The amount of times I hear people moaning about teachers receiving too much holiday, only shows how little people know what is really required to educate a child.

Having grown up in a house with a parent who was a teacher and now as an adult I find myself living with another one, I can tell you nothing could be further from the truth.

The amount of time spent planning for the next lessons or marking books from the previous ones, seems like a never ending task. If the job is done right it should take a long time.

A teacher who actually cares about her pupils will take the extra time to ensure that they are able to engage and capture the attention of all of there students, no matter what their abilities may be.

My partner is a science teacher, a very good science teacher. She teaches at an all girls Catholic secondary school in London. Our evenings are not spent sitting in front of the TV watching mindless programmes. Instead she is busy designing interactive PowerPoint slides, planning experiments, marking books or answering an abundance of administrative emails.


A pupils school day may end at 15:30, but a teacher is lucky to get out of the building before 17:00. After returning home there is only time for a quick coffee break then it’s back to marking books and planning for the next day. This can take up to five hours every evening.

This is the same for the holidays. 75% of that time is taken up marking, planning and preparing to return to the classroom. I don’t think any teacher gets the opportunity to fully enjoy their breaks without stressing about the next term.

Imagine returning to work to face hundreds of new children waiting to be inspired and waiting for you to shape and mould their future. To many people that is a very daunting prospect.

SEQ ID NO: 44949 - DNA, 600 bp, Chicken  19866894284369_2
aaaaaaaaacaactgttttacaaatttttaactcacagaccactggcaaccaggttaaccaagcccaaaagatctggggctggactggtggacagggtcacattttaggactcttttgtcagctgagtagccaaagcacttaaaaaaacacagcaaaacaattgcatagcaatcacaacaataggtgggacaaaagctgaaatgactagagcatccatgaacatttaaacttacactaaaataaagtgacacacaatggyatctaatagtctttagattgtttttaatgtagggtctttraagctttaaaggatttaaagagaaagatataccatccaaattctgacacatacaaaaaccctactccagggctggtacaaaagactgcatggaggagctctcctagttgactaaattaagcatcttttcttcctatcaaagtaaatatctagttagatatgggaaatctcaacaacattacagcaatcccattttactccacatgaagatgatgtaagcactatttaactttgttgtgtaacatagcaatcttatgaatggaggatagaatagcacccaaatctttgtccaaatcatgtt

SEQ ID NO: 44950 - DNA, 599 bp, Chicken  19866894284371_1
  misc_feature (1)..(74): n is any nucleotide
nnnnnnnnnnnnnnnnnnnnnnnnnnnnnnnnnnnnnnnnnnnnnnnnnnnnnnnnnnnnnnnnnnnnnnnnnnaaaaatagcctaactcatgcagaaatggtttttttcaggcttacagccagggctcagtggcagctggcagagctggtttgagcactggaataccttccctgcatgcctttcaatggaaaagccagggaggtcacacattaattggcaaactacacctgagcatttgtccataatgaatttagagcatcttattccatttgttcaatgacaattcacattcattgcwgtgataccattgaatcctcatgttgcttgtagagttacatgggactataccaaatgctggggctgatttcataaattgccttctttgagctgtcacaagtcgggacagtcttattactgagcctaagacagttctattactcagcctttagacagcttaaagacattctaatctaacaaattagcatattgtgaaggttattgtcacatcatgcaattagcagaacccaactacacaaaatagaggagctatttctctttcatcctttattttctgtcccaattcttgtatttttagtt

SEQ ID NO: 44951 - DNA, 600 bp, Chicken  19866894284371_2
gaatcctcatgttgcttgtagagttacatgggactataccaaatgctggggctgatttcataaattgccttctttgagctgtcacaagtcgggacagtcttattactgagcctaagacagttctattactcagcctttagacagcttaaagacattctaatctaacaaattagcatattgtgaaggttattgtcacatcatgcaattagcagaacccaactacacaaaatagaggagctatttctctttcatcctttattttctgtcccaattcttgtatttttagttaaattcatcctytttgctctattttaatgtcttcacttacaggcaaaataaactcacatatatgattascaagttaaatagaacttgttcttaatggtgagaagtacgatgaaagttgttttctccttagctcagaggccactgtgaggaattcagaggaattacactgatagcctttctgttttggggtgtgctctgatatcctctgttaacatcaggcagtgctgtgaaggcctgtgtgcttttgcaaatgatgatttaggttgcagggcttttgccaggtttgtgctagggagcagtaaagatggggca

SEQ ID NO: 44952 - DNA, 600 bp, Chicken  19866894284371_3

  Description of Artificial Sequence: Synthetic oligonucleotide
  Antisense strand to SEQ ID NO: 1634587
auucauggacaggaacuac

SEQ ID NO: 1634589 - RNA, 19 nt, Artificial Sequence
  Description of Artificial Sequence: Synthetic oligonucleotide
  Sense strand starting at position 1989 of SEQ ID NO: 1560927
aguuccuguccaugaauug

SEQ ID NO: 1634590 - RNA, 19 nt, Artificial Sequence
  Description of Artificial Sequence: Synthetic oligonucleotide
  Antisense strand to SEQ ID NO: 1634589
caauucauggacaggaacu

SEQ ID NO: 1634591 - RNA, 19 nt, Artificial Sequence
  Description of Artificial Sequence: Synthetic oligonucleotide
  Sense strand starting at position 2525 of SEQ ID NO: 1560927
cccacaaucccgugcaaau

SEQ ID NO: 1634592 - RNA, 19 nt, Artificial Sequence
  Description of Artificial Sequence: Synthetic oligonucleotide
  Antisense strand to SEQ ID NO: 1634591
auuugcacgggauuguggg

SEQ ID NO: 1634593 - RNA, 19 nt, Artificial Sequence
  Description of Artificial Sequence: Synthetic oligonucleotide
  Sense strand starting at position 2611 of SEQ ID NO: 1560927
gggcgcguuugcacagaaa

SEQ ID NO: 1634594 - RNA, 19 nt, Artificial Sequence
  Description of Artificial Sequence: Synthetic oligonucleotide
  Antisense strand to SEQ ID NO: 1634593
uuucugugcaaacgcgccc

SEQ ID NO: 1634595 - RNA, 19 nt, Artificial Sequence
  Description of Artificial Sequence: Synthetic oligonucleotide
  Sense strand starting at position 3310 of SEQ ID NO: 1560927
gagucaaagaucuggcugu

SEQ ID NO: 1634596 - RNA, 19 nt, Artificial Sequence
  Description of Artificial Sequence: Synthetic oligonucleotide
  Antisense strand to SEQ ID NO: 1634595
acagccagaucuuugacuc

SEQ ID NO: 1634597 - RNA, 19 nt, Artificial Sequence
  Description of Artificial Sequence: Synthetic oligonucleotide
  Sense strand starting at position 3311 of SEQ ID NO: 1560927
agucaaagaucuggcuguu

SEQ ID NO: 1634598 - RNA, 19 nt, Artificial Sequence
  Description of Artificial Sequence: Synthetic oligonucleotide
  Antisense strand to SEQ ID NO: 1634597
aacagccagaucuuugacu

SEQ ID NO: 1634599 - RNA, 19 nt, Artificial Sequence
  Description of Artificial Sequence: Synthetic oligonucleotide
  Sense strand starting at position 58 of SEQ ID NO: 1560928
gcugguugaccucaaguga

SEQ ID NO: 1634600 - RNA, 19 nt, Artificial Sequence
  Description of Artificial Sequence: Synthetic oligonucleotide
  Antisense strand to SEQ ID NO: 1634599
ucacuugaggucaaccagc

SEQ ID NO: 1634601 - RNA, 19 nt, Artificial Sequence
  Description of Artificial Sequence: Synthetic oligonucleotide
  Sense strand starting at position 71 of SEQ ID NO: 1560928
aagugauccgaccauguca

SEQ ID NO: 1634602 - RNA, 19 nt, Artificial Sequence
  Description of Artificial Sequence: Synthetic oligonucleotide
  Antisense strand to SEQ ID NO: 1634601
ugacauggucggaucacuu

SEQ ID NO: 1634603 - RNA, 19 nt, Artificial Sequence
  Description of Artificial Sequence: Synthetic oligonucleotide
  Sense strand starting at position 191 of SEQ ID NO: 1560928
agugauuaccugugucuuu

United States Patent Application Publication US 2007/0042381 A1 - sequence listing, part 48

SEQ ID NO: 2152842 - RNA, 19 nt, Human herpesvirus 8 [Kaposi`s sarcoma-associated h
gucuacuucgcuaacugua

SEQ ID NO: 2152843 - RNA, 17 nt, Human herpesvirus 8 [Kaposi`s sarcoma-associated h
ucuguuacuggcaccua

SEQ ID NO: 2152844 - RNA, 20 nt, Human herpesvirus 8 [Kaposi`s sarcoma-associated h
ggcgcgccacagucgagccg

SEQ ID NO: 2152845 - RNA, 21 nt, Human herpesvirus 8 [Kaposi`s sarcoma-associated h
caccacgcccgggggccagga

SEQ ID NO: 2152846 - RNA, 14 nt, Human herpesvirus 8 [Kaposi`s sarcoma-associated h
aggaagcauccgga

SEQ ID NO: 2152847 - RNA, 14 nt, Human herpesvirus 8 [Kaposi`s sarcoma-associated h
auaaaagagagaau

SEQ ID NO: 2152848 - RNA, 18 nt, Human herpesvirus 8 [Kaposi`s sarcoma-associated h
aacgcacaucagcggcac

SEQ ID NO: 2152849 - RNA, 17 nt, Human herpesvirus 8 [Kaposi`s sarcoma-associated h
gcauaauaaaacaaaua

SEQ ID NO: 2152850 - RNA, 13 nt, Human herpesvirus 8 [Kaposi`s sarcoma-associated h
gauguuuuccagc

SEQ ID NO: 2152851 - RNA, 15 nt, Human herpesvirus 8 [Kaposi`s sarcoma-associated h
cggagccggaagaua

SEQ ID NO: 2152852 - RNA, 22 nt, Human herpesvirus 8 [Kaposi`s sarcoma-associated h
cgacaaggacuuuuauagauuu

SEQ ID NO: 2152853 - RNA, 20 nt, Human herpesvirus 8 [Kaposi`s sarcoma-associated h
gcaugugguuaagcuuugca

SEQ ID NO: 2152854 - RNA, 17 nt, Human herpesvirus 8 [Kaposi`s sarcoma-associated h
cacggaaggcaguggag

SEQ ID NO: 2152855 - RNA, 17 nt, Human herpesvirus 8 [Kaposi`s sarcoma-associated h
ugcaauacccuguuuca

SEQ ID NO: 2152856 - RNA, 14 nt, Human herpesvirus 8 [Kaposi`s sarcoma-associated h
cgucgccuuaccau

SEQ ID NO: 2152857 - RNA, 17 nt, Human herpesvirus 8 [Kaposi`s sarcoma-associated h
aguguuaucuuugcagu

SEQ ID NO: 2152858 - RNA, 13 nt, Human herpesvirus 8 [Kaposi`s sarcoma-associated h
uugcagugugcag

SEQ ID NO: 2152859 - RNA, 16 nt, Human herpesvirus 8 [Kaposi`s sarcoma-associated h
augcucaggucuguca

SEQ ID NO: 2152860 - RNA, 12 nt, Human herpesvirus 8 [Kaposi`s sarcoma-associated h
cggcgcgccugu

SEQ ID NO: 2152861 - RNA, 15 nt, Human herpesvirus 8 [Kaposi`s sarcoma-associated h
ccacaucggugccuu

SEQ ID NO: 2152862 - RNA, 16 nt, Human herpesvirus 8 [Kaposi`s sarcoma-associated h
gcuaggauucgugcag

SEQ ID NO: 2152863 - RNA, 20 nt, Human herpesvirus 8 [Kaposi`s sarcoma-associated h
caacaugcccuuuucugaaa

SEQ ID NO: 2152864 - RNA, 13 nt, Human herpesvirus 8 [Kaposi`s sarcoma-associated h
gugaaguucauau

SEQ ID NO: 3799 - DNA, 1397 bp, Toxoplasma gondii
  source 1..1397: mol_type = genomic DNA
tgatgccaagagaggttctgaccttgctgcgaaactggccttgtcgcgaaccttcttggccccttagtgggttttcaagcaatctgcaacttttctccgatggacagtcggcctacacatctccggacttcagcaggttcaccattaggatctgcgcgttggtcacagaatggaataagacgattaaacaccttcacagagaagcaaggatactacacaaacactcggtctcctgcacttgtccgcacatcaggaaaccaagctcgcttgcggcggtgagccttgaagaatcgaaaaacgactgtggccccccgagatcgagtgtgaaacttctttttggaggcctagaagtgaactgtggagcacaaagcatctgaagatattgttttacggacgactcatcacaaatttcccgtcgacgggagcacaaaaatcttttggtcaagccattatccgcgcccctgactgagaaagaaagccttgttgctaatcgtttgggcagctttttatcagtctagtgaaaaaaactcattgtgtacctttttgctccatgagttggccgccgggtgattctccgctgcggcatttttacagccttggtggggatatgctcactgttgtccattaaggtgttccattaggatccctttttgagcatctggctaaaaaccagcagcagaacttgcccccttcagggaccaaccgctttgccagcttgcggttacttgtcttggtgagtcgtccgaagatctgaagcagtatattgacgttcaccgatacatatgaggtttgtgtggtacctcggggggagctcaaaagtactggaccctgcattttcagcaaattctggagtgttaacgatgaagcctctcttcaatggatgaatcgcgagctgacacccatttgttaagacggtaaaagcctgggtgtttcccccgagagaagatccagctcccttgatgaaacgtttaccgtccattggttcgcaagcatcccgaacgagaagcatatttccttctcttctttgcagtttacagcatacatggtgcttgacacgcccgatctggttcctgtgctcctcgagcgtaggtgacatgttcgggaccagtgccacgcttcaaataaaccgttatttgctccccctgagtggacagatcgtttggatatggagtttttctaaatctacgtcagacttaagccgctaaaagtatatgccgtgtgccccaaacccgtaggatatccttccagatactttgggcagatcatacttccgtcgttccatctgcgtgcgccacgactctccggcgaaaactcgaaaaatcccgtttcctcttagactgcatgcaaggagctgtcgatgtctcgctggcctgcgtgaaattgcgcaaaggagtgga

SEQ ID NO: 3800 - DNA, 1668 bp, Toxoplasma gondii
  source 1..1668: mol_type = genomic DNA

Marking books correctly is more than just ticking the right answer and writing a score at the bottom of the page. You have to be able to give constructive criticism or deserved praise. That requires you to have a connection with your students and understand their unique abilities. Being able to identify when a child is underachieving or has made improvements.


The job is more than a job. It’s about nurturing and encouraging children to think and understand the concept of learning. Pushing them to the next level in a meaningful way so they themselves can look back and see their own progress. When the job is done right a child will know he or she has learnt something that day.

In this article I have focused on the imaginary ‘free time’ that people believe teachers have. I have not even begun to talk about the difficulties within the classroom dealing with difficult children, disruptive children and children with emotional instabilities coming from unstable households. All of this is just a fraction of what a teacher is expected to deal with on a daily basis.

So the next time you find yourself talking to a teacher, and you have the urge to say ‘I would love to be a teacher and get all that holiday’. Instead stop yourself, and ask yourself, do you actually have what it takes to be a teacher? Refrain from the usual condescending comment and tone and just say, Thank you.

I would like to thank all of the great teachers in the world. Keep on inspiring, keep on encouraging, keep on teaching. We all would be nowhere without you.

Sebastian Bowen.
The Fishtank Podcast.

  1. metalmantis says:

    Reblogged this on Bespoke Steps and commented:
    My teaching privately may not involve quite the hours necessary to amount to those undertaken by ‘on curriculum’ teachers, but I can FULLY empathise with the challenge involved. Respect is due!

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